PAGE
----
Online Poker Legislation in the US: Can We Expect More States to Legalize by the End of 2018?

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It’s been a long, challenging road for poker players in the United States who simply want to enjoy their game in the comfort of their own home – online. Even in recent years, the thought of legally playing poker online was a distant dream that looked very unlikely, but that is slowly changing. The fact is that now, the number of states who are looking at the potential revenues available is growing in number. It means that, by the end of 2018, the online poker landscape could be very different indeed. There is a growing movement that makes it more likely than ever that, by the time we welcome 2019, you will be able to legally play poker online, no matter which state you’re in.

The Current Situation

As it stands, there are four states in America where online casinos and online poker have been legalized. In Nevada, online casinos are still covered by the federal laws, and so they remain illegal, yet online poker is permitted. In Delaware, New Jersey, and Pennsylvania however, online casinos and poker are available legally. Pennsylvania, in particular, is continuing to grow its online gambling community, with more applications for casino licenses regularly in the news. Many more states, including Illinois and Kentucky, have authorized the playing of online lottery games, making the playing of poker in the U.S. more complicated to clarify. However, as the popularity and combined voices of those that see no reason for the federal legislation continue to grow, it’s no small surprise that no less than 19 states have introduced new gambling laws that cover daily fantasy sports. When even states like California are starting to look at changing their position on online gambling because of the revenues gained by Pennsylvania, then you know that something very significant is happening.

How We Got To This Situation

The poker community is always looking for new ways to introduce evolving legislation and guide the introduction of online poker into passing laws. In May this year, New Jersey became the focus of much attention in the poker world, as the state won its case against the U.S. Supreme Court for online sports betting. The fact that the majority of the justices presiding over the case declared the current law as unconstitutional meant that other states are acting quickly to keep up. The lifting of the Professional and Amateur Sports Protection Act (PASPA) has opened the door to the potentially vast revenues possible through online sports betting, and U.S. poker players are keeping a close eye on how each individual state moves forward.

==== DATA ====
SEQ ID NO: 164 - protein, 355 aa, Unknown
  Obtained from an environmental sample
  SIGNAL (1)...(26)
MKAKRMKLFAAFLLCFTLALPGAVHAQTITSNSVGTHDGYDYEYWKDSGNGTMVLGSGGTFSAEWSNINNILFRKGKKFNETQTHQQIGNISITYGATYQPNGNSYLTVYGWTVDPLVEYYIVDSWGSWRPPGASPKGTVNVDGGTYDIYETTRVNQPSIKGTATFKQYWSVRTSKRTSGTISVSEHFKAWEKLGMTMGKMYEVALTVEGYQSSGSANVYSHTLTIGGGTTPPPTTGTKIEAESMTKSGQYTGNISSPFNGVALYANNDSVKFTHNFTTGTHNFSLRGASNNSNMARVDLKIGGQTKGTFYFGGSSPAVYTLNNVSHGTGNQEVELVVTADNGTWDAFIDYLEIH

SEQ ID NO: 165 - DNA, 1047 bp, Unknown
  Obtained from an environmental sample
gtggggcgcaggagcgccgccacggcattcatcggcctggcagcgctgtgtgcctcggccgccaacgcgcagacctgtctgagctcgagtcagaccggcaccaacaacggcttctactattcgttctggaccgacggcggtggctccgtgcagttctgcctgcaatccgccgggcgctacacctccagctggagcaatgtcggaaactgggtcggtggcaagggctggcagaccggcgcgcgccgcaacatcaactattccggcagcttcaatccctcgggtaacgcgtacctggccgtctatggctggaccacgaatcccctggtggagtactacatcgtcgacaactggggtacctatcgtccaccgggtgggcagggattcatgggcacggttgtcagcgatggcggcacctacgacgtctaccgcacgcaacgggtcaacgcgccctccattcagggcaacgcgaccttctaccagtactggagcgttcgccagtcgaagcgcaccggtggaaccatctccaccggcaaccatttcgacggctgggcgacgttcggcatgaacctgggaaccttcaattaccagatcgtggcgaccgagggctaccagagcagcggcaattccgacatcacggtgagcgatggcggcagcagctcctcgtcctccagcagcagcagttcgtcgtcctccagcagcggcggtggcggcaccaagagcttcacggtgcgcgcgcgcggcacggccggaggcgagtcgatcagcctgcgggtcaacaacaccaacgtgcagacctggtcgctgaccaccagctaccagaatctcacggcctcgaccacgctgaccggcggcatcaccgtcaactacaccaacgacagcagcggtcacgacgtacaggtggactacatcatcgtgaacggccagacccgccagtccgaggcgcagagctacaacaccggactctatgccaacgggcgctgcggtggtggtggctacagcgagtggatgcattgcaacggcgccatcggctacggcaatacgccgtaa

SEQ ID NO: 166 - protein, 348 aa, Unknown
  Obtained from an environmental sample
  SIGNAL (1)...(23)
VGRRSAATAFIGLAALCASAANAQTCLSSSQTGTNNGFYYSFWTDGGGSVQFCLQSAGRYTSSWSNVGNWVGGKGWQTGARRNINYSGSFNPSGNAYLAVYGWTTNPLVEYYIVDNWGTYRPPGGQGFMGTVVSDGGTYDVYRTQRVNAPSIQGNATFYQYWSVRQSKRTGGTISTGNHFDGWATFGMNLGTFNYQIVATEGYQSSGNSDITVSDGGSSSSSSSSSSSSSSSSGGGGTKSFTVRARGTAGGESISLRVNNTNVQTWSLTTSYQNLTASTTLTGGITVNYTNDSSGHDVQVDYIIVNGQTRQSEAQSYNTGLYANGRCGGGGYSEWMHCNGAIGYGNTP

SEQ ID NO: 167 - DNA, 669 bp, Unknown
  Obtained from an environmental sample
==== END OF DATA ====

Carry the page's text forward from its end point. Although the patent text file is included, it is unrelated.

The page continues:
Recovering From 2011

If there was a Black Friday for online gambling sites, April 12, 2011, would be it. That was the year that the Department of Justice stamped down on online gambling, and indicted a number of key executives in the online gambling sector. Although there had been a strong element of cat-and-mouse interaction between the two prominent bodies, the seizing of domains in 2011 marked a clear statement by the DoJ – online poker is illegal and will not be tolerated. It was a clear message that left little room for doubt. Numerous online poker sites were irreversibly damaged and ended up owing customers millions of dollars in unpaid winnings. A settlement was eventually reached, but it took years for those online poker players to recoup their lost earnings, and it was only in 2017 when customers started seeing their money returned. 2011 seemed to be the end of online poker, until September of the same year. That was the month that changed the online poker community and saw the start of the changes that are still being felt across the online gambling world. Once New York and Illinois received confirmation from Assistant Attorney General Virginia Seitz that the much-cited 1961 Wire Act was only applicable to sports betting and didn’t cover online lotteries and alternate forms of online gambling, the floodgates opened. By 2014, online poker had gained a foothold in the U.S. that it maintains today.

The Impact of Daily Fantasy Sports

By far the biggest impact towards the legalization of online poker has been the rising popularity of fantasy sports betting. Not only has it had a positive effect on the representation of online gambling, but it has helped to improve the reputation of it as well, through normalization and prolific advertising campaigns. Although DFS has perhaps helped to push more direct legislation regarding poker onto the backburner of government interest, it has paved the way for greater online change.

2018 and Beyond

There’s little doubt now that, by the end of this year and well into 2019, the number of states offering online sports betting will increase. In 2019, it’s very likely that we will see a second wave of states putting the process of legalized online sports betting on their agenda. Experts are expecting a sudden move from a number of states by the end of this year, and more to come in 2019. While some states rush their legislation changes to ensure that they have the right legal cover by the end of 2018, the slower paced states will no doubt be able to ride off the back of their online predecessors and even take further advantage of tech improvements in the industry.

As online sports betting becomes more popular and legitimized, the remainder of 2018 will no doubt see a rush of activity towards grabbing some of that potential online revenue. Combined with the fact that the legislation that allows for online lotteries and individual sports betting will allow for crossovers into poker playing online, means that soon, the chances of your state allowing online gambling are proving very high indeed. For those that wish to play poker online, the future looks very bright indeed.